Fig. 2 shows the dynamic response from the model alongside experimental and simulated values. The batch process had a fixed amount of VS available and hence over the higher days of operation, the substrate gets degraded which was reflected as the decrease in the bio- methane/biogas yield Fig. 2(a-c). In addition, In Fig. 2(c) the experi- mental yield reported was 0.555 m3 CH4/kgVS, while the simulation reported a yield of 0.621 m3 CH4/kgVS at 21 days HRT. However, the dynamic response from the simulation shows that at 10 days HRT, 0.692 m3 CH4/kgVS could be achieved. This shows that the reactor was not operated at maximum biomethane yield. As the VS decreases, the biomethane / biogas yield decreases over time in a batch process (Fig. 2 a-c). Contrastingly, in continuous pro- cesses (Fig. 2 d-f), the biogas/methane yield did not decrease, instead a steady state condition was achieved. This was due to the continuous supply of VS in these processes (Fig. 2d-f). Fig. 2(d) shows that the difference between experimental and simulated result was 0.3% at 48 days retention time. Nonetheless, running the reactor at 30 days reten- tion time did not decrease the methane yield by greater than 5%.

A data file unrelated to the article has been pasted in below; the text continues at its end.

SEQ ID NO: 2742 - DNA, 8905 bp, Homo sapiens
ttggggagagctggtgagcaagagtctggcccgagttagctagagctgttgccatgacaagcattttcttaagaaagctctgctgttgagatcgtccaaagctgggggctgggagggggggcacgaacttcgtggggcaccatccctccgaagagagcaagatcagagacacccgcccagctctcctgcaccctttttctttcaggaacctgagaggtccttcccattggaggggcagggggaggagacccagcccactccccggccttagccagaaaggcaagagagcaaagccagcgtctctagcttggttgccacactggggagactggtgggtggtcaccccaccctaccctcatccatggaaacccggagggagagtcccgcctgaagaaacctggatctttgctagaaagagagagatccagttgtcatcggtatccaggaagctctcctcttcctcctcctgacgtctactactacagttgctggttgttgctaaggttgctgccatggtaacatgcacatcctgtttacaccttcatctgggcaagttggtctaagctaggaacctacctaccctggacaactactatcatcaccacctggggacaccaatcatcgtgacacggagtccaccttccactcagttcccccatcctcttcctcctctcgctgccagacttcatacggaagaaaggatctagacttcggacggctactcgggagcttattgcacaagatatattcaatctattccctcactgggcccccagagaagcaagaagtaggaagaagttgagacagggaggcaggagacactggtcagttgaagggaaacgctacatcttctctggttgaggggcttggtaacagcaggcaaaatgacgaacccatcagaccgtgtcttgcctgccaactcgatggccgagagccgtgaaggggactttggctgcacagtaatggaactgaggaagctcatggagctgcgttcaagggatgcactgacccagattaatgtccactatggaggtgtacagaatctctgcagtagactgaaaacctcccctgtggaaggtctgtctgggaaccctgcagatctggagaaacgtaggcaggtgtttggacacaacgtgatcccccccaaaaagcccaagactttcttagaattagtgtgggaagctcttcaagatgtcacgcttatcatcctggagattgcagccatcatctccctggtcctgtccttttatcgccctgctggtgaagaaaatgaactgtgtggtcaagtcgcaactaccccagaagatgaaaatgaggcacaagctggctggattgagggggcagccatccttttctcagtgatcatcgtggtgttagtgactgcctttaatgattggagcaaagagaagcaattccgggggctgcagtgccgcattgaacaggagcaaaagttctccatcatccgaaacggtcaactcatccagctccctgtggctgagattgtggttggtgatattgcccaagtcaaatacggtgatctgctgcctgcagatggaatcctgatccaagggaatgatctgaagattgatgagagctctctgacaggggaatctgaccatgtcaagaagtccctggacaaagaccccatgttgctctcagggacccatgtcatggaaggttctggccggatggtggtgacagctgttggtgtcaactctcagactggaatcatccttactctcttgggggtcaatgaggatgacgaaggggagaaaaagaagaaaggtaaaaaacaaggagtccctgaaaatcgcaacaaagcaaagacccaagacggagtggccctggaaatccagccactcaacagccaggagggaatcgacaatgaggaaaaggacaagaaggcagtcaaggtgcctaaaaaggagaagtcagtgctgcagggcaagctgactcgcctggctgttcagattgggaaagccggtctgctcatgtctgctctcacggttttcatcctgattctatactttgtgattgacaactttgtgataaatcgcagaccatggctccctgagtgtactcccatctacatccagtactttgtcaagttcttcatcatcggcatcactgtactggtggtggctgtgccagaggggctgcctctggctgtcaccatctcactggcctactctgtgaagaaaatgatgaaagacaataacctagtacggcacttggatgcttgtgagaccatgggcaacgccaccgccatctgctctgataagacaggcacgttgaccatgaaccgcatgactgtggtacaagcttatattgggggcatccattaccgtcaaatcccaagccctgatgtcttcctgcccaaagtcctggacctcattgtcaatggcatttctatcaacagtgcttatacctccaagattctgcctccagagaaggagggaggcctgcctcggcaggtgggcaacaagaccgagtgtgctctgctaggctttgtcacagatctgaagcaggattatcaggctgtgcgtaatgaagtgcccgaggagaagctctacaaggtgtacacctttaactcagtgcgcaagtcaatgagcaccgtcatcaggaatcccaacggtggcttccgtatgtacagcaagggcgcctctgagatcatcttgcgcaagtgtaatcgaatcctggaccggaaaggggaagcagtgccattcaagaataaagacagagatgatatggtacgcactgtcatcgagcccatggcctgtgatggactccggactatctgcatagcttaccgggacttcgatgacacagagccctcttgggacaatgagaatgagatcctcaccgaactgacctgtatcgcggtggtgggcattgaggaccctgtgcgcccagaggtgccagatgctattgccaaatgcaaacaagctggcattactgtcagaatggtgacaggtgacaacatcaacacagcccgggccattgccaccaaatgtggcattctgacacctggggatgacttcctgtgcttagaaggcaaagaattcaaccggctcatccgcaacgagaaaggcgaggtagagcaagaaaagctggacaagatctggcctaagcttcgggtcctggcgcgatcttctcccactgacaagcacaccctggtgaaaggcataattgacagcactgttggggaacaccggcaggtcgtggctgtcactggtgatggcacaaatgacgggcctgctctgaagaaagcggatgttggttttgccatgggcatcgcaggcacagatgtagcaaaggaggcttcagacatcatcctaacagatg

Such a trade-off could be predicted from the simulation which can help the industry or research community for a better decision making and operation of the digester. This trade-off offers a 37% reduction in reactor volume, without compromising on the methane yield significantly. Various models have been developed in the past that has predicted the AD processes for batch, and continuous operations. ADM1 was widely accepted by academia and industry as it was a comprehensive model accounting for most of the factors that affect the biomethane production (Donoso-Bravo et al., 2011). Most models work either for a batch or continuous process, and only a few of them could predict both the processes (Westerholm et al., 2020). The model developed in this work was one such, which can predict both batch and continuous pro- cesses. For a batch process, degradation rate over time was a critical parameter, while for a continuous process, achieving a steady-state condition influences the importance.